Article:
Ireland’s world renowned Abbey Theatre is set to visit Bath to perform the classic Irish Drama, THE PLOUGH AND THE STARS. Written by one of the world’s greatest writers, Sean O’Casey, this powerful new staging will appear at the Theatre Royal from Tuesday 16th to Saturday 20th October, as one of only three UK tour dates outside Ireland following its opening in Dublin.
Set in a tenement house, against the backdrop of the Easter Rising in 1916, The Plough and the Stars is both an intimate play about the lives of ordinary people and an epic drama about ideals and the birth of the Irish nation.
As the residents of the Dublin tenement shelter from the violence that sweeps through the city’s streets, a revolution that will shape a country’s future rages around them. Amidst the tumult of political upheaval, Jack and Nora Clitheroe are ‘like two turtle doves always billing and cooing’, much to the ridicule of their bustling neighbours. But when Ireland calls, Jack must choose between love for his wife and duty to his country.
Heartbreaking, disturbing and funny, The Plough and The Stars is an iconic play to which director, Wayne Jordan, brings a fresh perspective. Sean O’Casey’s masterpiece premiered at the Abbey Theatre in 1926 amid riots and complaints from audiences who rejected its interpretation of recent history. Since then the play has become a classic of the Irish drama repertoire and this Abbey Theatre revival follows Jordan’s hugely successful 2010 production.
Fiach Mac Conghail, Director of the Abbey Theatre said, “I believe every generation should see The Plough and the Stars. With Wayne Jordan, Associate Artist at the Abbey directing, we have a new generation looking at this play with fresh eyes. I’m delighted we are touring Ireland and the UK with this important play.”
The Abbey Theatre has gathered together a sterling cast and creative team for this production. Barry Ward, who plays the role of Jack Clitheroe, has previously performed at the Theatre Royal Bath in The Lieutenant of Inishmore in 2003; Kelly Campbell appears as Nora Clitheroe; Frankie McCafferty plays the role of Peter Flynn; and Laurence Kinlan appears as The Young Covey. Gabrielle Reidy, plays the role of Bessie Burgess, she last appeared at the Theatre Royal in The House of Bernarda Alba in 1999. Deirdre Molloy appears as Mrs Gogan, Roxanna Nic Liam plays Mollser, Joe Hanley appears as Fluther Good, Mark Fitzgerald plays Lieutenant Langon, Dara Devaney appears as Captain Brennan, Gavin Fullam plays the role of Corporal Stoddart, Keith Hanna appears as Sergeant Tinley, and Kate Brennan plays Rosie Redmond. The cast is completed by Tony Flynn, who was last seen at the Theatre Royal in Animal Farm at the egg theatre during The Peter Hall Company 2007 season, Gillian McCarthy and Karl Quinn.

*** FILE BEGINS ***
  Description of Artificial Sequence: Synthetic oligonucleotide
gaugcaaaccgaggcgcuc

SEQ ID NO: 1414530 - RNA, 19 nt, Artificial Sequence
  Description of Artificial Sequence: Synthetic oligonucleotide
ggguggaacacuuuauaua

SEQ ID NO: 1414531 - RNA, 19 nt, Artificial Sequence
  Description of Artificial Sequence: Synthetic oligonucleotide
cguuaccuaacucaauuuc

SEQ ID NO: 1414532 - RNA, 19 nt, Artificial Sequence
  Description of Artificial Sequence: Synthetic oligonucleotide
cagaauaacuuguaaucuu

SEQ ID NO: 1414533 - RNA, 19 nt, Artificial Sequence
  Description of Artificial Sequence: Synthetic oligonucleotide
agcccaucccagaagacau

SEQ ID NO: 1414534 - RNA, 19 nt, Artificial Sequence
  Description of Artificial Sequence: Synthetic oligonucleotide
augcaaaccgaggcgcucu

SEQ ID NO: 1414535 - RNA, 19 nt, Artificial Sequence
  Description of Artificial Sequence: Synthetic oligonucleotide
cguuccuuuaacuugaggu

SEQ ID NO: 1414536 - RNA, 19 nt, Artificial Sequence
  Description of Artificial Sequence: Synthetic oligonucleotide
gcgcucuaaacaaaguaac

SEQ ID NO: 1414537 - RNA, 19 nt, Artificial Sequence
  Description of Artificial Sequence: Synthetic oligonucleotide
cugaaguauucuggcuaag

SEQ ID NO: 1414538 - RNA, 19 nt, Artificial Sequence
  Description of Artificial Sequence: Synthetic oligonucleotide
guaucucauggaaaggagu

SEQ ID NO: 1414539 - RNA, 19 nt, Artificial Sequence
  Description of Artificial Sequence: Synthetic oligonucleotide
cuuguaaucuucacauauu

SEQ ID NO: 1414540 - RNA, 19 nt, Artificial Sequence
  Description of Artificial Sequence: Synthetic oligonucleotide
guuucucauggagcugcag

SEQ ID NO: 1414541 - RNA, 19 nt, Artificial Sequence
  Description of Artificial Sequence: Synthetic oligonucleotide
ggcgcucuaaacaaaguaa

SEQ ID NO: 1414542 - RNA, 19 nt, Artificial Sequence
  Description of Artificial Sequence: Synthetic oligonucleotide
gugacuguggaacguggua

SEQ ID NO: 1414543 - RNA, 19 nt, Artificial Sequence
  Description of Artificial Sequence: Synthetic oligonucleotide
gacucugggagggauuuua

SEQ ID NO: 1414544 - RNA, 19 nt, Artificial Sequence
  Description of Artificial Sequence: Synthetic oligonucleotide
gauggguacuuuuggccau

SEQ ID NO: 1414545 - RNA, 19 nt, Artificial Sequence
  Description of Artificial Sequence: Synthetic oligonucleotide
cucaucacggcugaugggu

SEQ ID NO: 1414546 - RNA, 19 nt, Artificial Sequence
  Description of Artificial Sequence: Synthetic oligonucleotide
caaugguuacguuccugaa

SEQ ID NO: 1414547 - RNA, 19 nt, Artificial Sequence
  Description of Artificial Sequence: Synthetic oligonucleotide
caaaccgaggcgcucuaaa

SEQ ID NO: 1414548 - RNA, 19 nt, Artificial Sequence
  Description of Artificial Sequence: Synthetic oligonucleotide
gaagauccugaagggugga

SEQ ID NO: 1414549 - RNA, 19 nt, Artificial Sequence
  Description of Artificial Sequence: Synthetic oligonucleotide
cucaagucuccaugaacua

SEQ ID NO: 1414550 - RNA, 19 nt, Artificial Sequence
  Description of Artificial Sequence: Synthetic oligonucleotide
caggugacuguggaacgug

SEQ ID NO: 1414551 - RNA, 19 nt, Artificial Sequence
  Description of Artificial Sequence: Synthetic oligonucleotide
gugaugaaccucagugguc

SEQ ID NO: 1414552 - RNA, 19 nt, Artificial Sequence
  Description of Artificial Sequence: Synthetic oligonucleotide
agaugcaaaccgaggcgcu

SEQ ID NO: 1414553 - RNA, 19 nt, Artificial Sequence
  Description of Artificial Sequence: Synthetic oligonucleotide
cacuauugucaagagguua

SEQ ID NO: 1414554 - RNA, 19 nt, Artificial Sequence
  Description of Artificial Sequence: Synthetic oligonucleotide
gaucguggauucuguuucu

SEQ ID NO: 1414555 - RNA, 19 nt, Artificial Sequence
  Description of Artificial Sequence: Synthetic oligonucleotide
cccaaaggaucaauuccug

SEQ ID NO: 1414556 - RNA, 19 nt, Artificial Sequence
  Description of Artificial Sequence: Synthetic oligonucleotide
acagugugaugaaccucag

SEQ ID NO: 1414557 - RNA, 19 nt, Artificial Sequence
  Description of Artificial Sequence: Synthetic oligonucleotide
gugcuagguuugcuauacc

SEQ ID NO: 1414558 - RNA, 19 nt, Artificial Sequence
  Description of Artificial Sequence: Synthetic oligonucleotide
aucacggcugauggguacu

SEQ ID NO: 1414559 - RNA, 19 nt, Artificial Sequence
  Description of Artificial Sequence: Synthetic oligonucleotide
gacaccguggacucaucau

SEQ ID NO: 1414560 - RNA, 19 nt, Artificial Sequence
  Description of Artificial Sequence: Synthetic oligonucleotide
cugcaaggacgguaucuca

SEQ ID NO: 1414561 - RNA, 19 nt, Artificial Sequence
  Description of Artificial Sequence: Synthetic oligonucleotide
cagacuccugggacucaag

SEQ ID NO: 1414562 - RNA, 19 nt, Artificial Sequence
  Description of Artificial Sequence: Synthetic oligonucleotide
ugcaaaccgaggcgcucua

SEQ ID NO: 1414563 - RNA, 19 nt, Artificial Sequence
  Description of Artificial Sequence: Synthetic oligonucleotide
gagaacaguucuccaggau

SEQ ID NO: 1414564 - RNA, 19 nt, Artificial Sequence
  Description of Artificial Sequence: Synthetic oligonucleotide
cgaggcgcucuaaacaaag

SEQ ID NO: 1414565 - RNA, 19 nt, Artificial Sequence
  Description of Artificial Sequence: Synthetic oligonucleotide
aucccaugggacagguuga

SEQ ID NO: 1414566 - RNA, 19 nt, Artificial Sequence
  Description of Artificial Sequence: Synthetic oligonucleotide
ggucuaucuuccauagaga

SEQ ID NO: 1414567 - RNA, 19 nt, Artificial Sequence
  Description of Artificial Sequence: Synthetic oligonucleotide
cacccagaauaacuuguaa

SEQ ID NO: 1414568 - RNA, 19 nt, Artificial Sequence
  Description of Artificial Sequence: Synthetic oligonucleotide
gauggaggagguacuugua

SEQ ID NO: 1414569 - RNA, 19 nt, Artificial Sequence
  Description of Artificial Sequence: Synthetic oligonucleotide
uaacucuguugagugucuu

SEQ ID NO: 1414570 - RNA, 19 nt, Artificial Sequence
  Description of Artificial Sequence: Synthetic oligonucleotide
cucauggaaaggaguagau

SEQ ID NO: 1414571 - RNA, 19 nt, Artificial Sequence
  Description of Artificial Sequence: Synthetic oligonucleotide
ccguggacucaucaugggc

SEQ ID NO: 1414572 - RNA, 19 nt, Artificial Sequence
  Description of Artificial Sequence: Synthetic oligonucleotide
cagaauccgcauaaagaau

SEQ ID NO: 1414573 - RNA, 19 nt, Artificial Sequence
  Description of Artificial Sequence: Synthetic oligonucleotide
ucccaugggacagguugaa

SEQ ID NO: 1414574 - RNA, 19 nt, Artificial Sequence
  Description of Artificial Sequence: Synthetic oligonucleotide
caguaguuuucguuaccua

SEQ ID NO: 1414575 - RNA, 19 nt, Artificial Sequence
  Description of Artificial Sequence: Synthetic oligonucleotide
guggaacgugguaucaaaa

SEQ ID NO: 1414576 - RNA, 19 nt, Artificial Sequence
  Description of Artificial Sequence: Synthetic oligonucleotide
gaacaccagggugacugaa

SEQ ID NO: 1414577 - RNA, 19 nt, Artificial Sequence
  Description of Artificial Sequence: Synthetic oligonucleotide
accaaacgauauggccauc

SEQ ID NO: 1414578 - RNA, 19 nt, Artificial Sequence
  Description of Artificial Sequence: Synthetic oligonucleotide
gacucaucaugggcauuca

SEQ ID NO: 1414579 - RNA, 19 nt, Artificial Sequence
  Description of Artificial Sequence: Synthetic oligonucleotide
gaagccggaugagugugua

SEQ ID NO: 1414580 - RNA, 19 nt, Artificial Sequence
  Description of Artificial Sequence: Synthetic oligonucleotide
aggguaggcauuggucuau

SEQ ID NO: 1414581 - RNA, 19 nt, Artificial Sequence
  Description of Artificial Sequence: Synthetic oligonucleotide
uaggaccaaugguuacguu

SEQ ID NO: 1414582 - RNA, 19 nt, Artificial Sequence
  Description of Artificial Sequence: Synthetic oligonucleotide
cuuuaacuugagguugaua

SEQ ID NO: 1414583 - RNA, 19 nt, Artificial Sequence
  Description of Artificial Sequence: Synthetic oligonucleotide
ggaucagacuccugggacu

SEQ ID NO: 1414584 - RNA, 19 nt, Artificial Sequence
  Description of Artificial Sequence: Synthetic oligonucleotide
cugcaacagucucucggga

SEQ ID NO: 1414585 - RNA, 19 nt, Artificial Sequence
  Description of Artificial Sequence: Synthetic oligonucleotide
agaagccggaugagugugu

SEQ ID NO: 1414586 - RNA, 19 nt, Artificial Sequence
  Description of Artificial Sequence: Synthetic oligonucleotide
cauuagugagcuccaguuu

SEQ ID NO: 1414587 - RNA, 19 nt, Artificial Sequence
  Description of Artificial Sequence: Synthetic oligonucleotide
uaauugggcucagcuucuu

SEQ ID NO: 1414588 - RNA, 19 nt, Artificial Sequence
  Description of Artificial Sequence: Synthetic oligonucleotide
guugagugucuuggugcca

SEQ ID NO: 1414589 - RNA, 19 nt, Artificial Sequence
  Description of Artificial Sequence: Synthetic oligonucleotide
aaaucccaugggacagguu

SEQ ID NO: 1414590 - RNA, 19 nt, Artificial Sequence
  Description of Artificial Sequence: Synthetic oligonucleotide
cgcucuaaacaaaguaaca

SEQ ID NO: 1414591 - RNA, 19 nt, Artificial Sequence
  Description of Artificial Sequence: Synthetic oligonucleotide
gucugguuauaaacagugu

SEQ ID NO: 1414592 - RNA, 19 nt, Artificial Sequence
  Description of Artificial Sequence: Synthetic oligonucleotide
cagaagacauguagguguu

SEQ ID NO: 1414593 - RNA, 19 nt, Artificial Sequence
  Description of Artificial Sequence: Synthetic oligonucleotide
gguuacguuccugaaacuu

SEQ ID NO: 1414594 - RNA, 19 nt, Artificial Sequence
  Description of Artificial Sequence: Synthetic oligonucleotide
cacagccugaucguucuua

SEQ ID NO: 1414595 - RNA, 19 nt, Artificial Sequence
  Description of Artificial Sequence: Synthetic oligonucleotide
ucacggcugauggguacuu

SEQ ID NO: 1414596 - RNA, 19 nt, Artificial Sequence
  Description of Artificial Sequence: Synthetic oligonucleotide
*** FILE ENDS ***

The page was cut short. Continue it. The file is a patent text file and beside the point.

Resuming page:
Wayne Jordan is an Associate Artist of the Abbey Theatre. This is his second time directing The Plough and the Stars at the Abbey. His many credits include Christ Deliver Us! (Best Director nomination Irish Times Theatre Awards 2011) at the Abbey Theatre and Everybody Loves Sylvia (Best Director nomination Irish Times Theatre Awards 2009) at the Project Arts Centre.
Sean O’Casey’s work is synonymous with the Abbey Theatre, his plays The Shadow of a Gunman (1923), Juno and the Paycock (1924) and The Plough and the Stars (1926) all premiered at the Abbey Theatre. A co-production between the Abbey Theatre and the National Theatre of O’Casey’s Juno and the Paycock completed its run in London in February 2012. Over 60,000 people saw the production between Dublin and London, including two Irish Presidents; Mary McAleese and Michael D. Higgins.
John Casey was born in Dublin in 1880; he learned Irish in 1906 and changed his name to Sean Ó Cathasaigh, later to be known as Sean O’Casey. In 1895 he performed at the Mechanics Theatre, later rebuilt as the Abbey Theatre. During the famous Lockout and the General Strike led by Jim Larkin, he was secretary to the Women and Children’s Relief Fund. In 1924 he gave up his labouring job on the Great Northern Railway of Ireland to earn his living from writing alone. His many plays received world premieres in Dublin, London, Liverpool and New York. His last play The Drums of Father Ned, which had been scheduled for the 1958 Dublin Theatre Festival, was disapproved of by the Archbishop of Dublin. This led to the playwright banning his own work from professional productions in Ireland. This ban was lifted in 1964 and the Abbey Theatre presented Juno and the Paycock and The Plough and the Stars at the World Theatre Festival in London, held to mark the 400th anniversary of Shakespeare’s birth. Sean O’Casey died in 1964.
The Abbey Theatre is Ireland’s national theatre. It was founded by W.B. Yeats and Lady Augusta Gregory. Since it first opened its doors in 1904 the theatre has played a vital and often controversial role in the literary, social and cultural life of Ireland. Over the years, the Abbey Theatre has nurtured and premiered the work of major playwrights such as J M Synge and Sean O’Casey, as well as contemporary classics from the likes of Sebastian Barry, Brian Friel and Frank McGuinness. In 1911 the Abbey Theatre first toured internationally and continues to be an ambassador for Irish arts and culture worldwide.
THE PLOUGH AND THE STARS appears at the Theatre Royal Bath from Tuesday 16th October to Saturday 20th October. Tickets are available from the Theatre Royal Box Office on 01225 448844 or online at www.theatreroyal.org.uk